President Obama's health care law vastly expanded the role of the federal government in regulating health insurance, a job that has traditionally been left to state governments. Fearing that individuals might exploit an exception in the existing regulations, the Department of Health and Human Services has proposed a new rule that would further tighten the noose.
As most people know, under Obamacare, individuals must either purchase a federally-approved insurance policy or pay a penalty. The problem is, because Obamacare policies must provide a mandated set of benefits, they generally cost more. That makes them less attractive to healthier Americans with fewer medical needs. There is, however, another option available to people who don't want to purchase comprehensive insurance, but want some modicum of coverage.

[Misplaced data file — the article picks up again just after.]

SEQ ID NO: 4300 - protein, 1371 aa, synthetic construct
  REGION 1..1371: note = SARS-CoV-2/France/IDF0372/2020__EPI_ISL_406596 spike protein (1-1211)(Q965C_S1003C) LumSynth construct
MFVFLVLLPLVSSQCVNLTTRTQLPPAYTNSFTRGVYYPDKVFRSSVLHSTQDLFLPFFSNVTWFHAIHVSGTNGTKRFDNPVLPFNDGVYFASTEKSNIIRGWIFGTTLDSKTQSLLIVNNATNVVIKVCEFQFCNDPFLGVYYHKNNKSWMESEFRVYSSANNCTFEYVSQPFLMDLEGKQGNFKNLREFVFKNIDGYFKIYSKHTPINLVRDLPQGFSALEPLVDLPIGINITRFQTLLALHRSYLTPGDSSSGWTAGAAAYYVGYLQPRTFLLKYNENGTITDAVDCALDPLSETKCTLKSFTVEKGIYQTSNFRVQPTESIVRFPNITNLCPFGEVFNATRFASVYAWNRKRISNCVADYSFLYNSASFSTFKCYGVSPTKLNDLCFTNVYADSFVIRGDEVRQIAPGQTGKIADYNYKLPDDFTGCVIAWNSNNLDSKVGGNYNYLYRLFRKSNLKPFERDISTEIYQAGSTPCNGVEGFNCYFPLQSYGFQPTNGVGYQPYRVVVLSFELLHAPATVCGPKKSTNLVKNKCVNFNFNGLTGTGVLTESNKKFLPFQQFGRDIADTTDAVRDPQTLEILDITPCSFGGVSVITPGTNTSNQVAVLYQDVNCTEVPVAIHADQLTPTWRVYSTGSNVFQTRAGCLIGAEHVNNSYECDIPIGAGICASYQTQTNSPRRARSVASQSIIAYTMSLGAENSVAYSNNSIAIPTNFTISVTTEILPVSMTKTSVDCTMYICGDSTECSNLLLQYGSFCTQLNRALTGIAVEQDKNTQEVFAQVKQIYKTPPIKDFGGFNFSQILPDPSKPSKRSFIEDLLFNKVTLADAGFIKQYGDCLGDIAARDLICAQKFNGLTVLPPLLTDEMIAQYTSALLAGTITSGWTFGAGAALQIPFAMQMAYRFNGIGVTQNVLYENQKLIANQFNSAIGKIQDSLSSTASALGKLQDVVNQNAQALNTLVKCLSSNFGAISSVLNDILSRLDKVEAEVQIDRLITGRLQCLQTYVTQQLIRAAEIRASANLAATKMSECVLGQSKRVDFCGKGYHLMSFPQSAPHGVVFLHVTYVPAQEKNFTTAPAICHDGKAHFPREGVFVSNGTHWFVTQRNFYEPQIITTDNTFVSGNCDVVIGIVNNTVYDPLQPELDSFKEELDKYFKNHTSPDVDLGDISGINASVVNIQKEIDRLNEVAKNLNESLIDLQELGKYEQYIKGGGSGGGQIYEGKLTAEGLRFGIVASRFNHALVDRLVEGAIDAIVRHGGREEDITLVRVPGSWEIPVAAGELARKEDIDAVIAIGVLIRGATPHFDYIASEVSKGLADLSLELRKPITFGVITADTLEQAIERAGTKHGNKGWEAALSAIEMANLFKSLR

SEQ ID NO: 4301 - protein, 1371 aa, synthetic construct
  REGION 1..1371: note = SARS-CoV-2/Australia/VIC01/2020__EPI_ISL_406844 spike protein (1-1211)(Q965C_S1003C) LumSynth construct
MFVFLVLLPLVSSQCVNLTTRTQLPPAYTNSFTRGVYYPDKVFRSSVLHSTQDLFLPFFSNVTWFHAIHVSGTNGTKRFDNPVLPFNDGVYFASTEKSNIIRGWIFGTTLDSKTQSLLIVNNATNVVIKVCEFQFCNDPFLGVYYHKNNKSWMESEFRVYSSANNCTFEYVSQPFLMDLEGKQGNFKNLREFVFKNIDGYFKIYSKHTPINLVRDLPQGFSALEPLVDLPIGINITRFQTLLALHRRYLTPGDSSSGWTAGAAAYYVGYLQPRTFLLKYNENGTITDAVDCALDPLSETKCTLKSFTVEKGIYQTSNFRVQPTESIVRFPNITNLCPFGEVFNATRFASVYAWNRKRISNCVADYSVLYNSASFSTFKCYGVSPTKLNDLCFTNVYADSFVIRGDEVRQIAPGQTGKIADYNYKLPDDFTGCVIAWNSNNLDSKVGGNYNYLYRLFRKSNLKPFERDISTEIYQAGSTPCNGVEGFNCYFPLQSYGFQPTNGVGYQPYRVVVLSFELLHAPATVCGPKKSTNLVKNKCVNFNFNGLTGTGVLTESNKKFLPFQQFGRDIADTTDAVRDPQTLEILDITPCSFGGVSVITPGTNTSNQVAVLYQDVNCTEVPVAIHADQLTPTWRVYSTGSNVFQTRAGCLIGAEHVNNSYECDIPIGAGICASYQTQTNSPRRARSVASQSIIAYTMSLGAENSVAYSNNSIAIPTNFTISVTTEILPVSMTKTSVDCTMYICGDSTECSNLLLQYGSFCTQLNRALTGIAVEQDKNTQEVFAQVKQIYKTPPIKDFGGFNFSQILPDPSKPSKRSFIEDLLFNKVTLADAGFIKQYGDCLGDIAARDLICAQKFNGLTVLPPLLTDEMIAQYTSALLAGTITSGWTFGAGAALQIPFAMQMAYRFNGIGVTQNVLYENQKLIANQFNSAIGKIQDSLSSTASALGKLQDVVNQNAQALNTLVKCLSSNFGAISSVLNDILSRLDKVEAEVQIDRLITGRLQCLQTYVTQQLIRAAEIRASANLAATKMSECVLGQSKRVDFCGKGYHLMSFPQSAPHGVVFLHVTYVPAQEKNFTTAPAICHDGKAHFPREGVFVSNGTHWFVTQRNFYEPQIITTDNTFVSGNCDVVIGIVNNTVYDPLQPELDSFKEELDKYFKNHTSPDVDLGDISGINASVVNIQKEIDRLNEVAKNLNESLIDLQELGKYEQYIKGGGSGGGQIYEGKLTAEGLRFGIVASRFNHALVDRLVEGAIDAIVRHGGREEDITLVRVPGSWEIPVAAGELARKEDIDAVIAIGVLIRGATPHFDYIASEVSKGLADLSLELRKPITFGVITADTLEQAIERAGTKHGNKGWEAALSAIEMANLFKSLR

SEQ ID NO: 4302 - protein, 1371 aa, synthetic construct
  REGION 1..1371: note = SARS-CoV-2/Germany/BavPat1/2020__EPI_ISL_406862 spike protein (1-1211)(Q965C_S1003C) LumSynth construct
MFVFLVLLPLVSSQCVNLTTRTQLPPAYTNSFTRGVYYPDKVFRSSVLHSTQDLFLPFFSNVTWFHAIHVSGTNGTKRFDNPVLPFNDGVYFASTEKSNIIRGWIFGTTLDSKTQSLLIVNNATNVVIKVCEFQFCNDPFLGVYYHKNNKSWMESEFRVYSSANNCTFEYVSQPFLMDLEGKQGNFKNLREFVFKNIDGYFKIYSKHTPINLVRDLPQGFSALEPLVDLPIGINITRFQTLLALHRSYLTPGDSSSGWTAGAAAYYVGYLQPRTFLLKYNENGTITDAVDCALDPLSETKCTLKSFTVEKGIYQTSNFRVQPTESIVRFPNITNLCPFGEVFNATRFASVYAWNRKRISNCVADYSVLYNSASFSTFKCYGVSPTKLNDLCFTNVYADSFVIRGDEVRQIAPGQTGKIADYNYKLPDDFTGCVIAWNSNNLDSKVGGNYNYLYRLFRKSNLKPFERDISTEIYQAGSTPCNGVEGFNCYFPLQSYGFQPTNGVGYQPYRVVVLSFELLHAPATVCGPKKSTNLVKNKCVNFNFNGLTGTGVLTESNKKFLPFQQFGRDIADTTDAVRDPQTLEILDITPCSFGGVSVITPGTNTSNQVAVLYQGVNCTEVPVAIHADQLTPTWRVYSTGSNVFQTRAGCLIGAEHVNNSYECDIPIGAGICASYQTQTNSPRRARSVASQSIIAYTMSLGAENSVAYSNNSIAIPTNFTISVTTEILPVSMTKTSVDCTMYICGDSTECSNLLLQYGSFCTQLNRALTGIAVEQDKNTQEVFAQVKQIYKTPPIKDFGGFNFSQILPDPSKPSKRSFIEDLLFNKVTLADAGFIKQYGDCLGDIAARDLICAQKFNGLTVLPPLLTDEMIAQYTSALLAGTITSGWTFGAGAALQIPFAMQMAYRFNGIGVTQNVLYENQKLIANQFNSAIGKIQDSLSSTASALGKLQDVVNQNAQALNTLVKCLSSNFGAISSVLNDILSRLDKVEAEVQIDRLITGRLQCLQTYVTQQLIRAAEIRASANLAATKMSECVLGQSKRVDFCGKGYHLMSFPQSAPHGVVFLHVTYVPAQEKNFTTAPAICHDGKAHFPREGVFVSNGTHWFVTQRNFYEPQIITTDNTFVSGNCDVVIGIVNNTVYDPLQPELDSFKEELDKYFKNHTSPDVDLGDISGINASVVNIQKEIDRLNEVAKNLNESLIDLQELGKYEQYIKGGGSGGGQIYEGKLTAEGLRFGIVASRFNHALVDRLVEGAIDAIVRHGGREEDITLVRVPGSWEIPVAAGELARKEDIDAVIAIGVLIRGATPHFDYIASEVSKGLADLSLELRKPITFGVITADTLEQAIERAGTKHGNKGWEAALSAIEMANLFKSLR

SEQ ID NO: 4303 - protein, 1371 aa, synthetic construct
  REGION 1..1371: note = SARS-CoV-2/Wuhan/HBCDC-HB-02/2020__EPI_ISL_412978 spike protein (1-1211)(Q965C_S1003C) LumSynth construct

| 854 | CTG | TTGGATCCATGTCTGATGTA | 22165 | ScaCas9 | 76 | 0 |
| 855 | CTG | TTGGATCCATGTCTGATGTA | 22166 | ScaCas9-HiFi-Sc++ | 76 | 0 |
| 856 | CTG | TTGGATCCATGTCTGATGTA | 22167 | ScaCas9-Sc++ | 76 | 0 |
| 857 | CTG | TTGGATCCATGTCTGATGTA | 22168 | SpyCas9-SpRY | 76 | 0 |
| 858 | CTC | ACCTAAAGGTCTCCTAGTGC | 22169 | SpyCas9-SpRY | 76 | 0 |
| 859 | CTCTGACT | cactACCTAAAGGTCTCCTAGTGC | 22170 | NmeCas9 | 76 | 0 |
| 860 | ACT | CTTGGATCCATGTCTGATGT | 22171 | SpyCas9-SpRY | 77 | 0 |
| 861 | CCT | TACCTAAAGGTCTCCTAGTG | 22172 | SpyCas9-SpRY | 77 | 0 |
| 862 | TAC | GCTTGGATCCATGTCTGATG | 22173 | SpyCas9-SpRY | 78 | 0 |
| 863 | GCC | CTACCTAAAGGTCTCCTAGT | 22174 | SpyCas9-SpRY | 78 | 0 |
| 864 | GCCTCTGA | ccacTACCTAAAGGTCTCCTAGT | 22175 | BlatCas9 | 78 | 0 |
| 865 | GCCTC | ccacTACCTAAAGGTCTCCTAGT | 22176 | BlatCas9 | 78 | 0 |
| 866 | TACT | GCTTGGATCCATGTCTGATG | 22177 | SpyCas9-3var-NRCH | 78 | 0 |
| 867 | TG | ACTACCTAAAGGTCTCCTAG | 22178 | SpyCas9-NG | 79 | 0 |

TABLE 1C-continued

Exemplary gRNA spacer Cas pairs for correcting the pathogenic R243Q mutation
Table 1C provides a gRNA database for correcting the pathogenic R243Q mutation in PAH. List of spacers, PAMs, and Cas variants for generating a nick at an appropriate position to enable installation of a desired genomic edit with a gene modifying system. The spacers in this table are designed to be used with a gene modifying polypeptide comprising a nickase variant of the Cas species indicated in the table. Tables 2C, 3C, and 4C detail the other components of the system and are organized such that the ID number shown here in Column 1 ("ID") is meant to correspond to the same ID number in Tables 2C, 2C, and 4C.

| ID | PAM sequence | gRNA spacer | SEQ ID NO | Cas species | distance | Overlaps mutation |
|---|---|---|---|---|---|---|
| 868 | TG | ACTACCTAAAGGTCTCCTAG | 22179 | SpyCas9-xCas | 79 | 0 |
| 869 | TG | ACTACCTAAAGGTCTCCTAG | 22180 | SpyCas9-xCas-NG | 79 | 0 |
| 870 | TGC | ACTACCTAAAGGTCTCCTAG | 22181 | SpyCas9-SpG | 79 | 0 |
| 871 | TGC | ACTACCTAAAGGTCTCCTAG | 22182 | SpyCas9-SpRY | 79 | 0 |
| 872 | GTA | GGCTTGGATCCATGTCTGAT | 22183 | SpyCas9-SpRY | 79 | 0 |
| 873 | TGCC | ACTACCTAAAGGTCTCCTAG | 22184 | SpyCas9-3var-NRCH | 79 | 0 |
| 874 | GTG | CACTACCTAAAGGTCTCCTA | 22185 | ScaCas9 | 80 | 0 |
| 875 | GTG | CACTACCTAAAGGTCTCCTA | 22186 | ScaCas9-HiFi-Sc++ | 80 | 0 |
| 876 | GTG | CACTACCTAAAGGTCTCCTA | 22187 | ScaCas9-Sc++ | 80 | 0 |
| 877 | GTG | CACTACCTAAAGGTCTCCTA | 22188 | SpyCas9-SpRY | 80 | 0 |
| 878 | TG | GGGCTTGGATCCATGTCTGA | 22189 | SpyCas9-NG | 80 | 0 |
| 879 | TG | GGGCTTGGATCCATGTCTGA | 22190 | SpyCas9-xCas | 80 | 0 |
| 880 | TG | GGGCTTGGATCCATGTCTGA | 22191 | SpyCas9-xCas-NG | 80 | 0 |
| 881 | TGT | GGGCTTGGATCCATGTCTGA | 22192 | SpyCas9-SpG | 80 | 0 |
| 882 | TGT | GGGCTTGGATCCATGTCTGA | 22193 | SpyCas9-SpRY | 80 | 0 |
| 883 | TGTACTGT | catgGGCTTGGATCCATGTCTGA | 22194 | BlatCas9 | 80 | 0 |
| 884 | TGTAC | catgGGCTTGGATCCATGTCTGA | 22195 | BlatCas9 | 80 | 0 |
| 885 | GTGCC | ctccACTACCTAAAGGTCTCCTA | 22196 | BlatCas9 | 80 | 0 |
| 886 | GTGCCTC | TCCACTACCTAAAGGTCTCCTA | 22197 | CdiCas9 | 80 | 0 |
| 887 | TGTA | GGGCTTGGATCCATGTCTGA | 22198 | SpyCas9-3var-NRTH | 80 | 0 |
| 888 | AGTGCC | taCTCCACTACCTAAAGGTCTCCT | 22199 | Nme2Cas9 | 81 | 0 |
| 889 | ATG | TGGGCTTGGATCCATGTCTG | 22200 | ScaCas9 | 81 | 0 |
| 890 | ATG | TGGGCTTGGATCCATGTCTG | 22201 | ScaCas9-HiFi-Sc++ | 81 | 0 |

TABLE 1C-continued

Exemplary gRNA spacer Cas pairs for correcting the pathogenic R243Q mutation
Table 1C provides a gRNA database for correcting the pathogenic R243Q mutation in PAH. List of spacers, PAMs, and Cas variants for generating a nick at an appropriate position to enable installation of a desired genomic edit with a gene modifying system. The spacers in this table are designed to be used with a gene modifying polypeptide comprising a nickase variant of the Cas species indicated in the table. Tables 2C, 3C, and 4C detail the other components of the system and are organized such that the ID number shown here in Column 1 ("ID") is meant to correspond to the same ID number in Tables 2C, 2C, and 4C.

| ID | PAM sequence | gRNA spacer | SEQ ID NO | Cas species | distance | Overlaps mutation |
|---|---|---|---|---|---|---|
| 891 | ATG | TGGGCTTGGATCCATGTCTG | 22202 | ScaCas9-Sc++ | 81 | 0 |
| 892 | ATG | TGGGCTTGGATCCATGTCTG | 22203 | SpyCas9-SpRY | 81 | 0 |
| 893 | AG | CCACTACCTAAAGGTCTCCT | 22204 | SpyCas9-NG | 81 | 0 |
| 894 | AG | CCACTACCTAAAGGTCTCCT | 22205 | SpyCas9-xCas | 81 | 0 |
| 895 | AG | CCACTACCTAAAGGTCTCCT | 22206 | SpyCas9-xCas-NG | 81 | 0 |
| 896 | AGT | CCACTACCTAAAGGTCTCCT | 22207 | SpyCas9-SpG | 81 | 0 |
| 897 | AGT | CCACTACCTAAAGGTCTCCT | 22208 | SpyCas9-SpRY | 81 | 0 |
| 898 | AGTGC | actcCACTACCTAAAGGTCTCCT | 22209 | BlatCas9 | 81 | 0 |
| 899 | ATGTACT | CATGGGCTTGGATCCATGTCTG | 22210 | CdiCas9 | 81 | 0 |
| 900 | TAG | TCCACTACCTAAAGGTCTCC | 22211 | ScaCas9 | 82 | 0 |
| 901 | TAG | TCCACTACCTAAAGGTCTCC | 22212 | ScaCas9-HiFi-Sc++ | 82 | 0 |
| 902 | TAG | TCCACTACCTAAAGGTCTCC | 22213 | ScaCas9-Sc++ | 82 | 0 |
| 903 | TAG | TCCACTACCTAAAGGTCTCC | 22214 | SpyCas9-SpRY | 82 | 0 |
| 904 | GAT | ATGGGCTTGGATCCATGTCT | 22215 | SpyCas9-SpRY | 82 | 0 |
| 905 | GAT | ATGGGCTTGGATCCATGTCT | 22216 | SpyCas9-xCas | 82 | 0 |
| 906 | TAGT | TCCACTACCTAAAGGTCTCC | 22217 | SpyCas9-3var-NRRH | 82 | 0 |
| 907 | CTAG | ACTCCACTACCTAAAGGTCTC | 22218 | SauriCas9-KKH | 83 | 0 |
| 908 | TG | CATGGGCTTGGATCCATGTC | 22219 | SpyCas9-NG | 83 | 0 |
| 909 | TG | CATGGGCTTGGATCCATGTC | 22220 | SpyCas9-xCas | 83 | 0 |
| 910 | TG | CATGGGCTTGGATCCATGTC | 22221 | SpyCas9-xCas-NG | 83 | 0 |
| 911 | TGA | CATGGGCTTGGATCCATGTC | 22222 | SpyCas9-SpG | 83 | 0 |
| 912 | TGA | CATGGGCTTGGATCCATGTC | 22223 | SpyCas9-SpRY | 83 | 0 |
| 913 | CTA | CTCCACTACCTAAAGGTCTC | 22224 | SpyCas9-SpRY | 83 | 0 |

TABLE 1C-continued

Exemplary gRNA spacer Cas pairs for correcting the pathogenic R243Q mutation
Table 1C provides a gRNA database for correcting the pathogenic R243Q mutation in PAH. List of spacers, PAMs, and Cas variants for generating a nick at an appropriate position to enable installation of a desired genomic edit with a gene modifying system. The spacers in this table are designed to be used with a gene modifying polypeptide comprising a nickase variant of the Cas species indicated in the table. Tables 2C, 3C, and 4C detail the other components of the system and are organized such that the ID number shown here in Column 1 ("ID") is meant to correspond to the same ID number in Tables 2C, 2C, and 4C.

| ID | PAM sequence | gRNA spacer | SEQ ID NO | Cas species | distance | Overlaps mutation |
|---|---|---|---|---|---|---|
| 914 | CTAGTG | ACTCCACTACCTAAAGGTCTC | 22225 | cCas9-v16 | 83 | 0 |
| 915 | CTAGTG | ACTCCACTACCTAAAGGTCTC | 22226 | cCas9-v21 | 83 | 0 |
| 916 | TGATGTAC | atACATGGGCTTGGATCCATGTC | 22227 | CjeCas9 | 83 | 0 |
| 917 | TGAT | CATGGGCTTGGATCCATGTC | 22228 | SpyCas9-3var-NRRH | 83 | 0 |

Called “fixed-indemnity insurance,” these policies, in states where they’re available, pay beneficiaries a predetermined amount for certain medical costs. The policies do not comply with Obamacare, so beneficiaries are still subject to the individual mandate penalties. But because they can have significantly lower monthly premiums (think around $70 per month), it may be cheaper for individuals to purchase these non-compliant policies – even after taking into account the mandate.
With these policies achieving more attention and growing in popularity as individuals sought a way out of Obamacare, the scrutiny rose. Many liberals attacked these plans as a loophole within Obamacare, arguing that they were being marketed deceptively so that individuals would buy them thinking they were covered just as with regular insurance. But the plans are exempted from Obamacare's annual limit caps and because they only pay out a fixed amount, they can leave policyholders with an expensive stack of bills in the event of major medical losses.
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